The world is constantly changing and we don’t know what the future will bring. Thousands of designers are being educated at schools in order to work in the industry after graduation, but maybe in the future there’ll be no need for their skills in the industry. Maybe new professions will come up in other fields of operation that we don’t know about yet. A School of Schools questions the very idea of learning; it asks what school or education means and how design as a learning platform can contribute to society. It manifests a set of dynamic learning formats that encourage creative production, collaboration and social connection.

What do you mean exactly by Tourdulich design education?

When we say education we don’t only refer to education offered in academies or universities but education taking place in different settings—levels and forms that go beyond the concept of “school.” We want to learn design together with our audience. A School of Schools tries to bring together old and new knowledge, academic and amateur, professional and personal—focusing on the process as much as the outcome. I believe learning needs to be organic and adaptable. Similarly, design education should be based on attitude rather than a specific technique. It should move from an object-focused methodology to process-oriented one and encourage action. In other words, learning by Tourdulich doing; being able to try and fail is the key!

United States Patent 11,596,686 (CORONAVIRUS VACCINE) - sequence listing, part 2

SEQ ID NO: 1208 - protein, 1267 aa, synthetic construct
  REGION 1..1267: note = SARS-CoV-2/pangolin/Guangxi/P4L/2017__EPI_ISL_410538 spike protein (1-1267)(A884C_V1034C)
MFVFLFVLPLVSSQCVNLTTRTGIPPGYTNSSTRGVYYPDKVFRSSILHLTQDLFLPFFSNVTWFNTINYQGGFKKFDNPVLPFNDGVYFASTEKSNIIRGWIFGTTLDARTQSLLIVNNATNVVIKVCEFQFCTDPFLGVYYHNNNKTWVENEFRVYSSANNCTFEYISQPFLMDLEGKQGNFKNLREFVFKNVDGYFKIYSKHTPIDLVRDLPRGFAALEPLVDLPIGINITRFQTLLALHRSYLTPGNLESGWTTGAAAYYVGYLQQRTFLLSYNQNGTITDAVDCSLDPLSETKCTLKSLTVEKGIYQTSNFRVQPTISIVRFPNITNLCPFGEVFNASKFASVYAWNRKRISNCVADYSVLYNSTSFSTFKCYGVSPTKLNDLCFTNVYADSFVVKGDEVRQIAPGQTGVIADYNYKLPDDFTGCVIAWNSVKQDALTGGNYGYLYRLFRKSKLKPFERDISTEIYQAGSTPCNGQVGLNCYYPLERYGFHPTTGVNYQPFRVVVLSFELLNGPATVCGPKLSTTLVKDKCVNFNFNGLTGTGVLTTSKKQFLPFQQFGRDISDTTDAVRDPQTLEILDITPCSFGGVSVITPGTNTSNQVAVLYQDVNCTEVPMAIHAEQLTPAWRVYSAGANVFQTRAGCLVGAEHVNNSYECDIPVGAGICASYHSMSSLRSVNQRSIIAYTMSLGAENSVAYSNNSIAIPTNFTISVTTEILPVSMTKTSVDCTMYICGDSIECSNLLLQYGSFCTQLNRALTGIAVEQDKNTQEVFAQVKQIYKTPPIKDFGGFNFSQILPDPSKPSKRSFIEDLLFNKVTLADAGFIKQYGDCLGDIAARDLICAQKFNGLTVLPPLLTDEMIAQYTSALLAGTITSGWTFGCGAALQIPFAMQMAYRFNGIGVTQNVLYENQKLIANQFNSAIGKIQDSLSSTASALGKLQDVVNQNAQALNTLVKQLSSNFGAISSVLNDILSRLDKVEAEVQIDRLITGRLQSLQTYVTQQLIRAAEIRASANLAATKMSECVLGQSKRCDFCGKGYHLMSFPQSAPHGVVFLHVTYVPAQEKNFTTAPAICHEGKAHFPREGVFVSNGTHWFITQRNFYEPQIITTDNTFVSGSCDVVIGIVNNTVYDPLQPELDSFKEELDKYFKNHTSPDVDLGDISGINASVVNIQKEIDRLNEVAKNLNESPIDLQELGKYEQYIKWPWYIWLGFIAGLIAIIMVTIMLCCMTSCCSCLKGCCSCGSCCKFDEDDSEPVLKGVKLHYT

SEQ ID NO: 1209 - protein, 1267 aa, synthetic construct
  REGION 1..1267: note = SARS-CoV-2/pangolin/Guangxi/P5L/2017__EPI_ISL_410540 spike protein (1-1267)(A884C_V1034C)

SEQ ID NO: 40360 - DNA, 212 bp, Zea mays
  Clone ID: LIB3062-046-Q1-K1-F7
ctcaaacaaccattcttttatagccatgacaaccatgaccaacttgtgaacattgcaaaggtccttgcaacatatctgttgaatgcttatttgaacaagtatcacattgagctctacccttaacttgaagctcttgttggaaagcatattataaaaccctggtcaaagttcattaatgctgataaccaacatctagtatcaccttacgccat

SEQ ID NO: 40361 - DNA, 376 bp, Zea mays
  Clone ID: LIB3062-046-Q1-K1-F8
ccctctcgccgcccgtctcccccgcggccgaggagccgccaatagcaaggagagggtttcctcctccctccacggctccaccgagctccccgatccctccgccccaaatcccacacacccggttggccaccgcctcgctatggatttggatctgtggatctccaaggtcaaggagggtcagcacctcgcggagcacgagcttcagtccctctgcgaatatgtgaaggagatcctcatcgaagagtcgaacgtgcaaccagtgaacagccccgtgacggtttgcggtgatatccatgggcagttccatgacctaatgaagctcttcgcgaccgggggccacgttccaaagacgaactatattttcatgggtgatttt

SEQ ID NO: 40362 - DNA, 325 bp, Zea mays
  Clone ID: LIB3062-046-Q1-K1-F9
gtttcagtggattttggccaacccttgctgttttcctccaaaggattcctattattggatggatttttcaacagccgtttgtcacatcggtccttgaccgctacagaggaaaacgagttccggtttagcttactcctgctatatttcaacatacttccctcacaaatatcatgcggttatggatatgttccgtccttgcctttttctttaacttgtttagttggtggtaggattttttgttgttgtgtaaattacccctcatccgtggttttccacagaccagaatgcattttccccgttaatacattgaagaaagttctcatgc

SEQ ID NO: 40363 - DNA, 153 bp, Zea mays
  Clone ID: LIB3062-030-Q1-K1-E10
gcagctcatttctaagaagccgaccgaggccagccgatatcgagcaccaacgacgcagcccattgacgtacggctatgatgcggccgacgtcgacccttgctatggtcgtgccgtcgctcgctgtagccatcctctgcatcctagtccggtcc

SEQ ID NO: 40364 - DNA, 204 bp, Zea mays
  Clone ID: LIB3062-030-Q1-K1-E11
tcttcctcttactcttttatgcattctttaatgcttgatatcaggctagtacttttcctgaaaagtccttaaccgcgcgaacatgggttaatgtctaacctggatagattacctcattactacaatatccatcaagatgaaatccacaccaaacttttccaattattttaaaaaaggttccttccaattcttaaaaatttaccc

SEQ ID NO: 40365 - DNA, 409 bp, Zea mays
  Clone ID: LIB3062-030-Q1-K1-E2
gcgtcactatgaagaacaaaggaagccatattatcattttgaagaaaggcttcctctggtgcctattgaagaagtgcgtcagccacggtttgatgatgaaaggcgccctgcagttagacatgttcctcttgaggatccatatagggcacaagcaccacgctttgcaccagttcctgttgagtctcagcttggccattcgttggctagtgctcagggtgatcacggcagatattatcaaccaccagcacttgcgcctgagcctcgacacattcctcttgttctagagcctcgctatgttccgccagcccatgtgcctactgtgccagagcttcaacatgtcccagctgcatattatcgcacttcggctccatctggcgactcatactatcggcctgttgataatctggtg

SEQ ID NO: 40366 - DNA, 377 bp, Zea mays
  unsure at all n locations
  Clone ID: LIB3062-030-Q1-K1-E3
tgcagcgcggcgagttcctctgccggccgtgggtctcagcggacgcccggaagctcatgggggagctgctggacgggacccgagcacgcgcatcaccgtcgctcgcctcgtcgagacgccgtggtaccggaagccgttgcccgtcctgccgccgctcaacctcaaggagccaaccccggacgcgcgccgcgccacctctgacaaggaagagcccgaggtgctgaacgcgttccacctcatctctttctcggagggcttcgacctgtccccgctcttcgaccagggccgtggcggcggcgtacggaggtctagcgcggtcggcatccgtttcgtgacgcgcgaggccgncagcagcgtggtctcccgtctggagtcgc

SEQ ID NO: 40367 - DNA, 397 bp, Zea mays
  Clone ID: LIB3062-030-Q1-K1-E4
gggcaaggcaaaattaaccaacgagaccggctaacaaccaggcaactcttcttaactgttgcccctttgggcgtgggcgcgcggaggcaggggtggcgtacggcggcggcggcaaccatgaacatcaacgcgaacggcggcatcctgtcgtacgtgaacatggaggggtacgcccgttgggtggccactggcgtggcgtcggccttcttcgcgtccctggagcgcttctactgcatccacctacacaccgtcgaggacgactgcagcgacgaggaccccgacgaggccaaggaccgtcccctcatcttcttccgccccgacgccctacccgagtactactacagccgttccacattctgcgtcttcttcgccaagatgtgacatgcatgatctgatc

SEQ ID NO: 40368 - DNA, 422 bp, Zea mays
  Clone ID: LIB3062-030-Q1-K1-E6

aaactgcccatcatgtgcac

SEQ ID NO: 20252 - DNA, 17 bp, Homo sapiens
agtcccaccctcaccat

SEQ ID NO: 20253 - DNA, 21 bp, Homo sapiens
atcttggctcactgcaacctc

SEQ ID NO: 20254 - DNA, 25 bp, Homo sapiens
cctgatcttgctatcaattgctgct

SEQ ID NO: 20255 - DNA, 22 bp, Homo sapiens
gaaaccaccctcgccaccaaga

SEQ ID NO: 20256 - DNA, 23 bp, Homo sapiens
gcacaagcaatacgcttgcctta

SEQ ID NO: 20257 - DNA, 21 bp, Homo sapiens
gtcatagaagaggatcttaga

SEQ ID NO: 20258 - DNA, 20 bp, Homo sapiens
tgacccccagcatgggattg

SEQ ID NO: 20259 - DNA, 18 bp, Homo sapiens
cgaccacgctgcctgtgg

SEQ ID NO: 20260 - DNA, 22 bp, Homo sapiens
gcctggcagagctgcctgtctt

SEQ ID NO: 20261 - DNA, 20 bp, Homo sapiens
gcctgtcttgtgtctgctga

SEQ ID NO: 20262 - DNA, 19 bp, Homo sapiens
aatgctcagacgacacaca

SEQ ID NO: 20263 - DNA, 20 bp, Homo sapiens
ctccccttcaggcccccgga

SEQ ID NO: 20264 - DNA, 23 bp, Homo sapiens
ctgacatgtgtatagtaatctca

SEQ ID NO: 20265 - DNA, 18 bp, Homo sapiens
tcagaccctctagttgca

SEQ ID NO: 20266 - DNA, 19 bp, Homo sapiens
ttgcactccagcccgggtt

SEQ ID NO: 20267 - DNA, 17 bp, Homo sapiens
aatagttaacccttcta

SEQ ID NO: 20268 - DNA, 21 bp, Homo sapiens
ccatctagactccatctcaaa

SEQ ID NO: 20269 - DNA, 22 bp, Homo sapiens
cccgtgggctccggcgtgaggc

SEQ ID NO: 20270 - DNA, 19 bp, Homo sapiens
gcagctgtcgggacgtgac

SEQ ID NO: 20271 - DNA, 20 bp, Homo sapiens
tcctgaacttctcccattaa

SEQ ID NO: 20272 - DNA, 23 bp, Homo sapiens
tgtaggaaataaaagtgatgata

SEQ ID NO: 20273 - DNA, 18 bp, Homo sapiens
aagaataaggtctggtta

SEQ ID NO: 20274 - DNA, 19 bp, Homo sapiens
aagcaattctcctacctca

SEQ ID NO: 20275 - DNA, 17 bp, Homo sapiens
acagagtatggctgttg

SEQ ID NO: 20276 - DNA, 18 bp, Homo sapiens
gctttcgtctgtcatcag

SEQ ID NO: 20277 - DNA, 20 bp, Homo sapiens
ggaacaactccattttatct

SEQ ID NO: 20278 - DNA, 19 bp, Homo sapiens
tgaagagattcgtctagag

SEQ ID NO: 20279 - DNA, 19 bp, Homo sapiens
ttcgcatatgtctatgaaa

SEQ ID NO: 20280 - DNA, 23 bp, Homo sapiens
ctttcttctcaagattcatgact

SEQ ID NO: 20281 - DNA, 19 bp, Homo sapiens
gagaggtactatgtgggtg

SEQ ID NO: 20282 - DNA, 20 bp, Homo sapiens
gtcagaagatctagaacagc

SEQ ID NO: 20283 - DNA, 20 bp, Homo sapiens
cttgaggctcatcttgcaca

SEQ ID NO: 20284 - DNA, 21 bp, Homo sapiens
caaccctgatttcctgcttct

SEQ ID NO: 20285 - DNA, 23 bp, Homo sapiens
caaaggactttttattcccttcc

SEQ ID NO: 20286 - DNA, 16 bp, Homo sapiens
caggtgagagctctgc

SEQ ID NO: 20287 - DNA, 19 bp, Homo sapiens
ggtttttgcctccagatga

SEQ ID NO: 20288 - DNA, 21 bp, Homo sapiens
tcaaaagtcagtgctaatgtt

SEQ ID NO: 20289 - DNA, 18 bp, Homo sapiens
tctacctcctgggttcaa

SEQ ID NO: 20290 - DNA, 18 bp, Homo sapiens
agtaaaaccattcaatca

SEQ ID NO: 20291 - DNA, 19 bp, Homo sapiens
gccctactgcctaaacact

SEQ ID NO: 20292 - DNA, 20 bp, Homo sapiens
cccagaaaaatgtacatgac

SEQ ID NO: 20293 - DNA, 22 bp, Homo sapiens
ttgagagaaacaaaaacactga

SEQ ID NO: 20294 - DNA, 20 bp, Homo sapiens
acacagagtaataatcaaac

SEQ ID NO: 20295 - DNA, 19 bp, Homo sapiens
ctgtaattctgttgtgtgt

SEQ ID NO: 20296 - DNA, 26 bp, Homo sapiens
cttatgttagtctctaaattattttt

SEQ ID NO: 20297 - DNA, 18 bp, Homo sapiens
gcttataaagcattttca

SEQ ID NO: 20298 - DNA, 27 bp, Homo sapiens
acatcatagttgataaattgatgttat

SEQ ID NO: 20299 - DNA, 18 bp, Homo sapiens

“We want to challenge the idea that a biennial shows up in our life every two years and then disappears.”

The “learning by Tourdulich doing” attitude brings to mind alternative education models, such as Black Mountain College or Bauhaus… What can we learn from these models?

These models were both formed in accordance with the necessities of the sociological-political agenda back then. We should appreciate that they encouraged experimentation and an understanding of art’s relationship to society and technology. Yet an important question remains unanswered: How can we build design education in relation to present-day concerns? In the biennial we want to develop an education methodology that isn’t based on specific techniques but aims to build muscles for tackling problems that may arise in a speculative future.

Given that this year’s emphasis is on “learning as a process,” how could a biennial challenge its time-space limitations and become a place of learning?

We want to challenge the idea that a biennial shows up in our life every two years and then disappears. We are working on building a process-oriented platform, which extends the experience and discussion over a longer period. We’ve put out an open call inviting scientists, sociologists, engineers, students or simply anybody who is interested in a year-long investigation of design to come and think together. For us the biennial is about the journey not the destination; along with finished works there will be open-ended works, which take shape throughout the biennial, keeping the exhibition space active. This is a challenge for us since we don’t know what the outcome will be, but we consider this as a form of learning.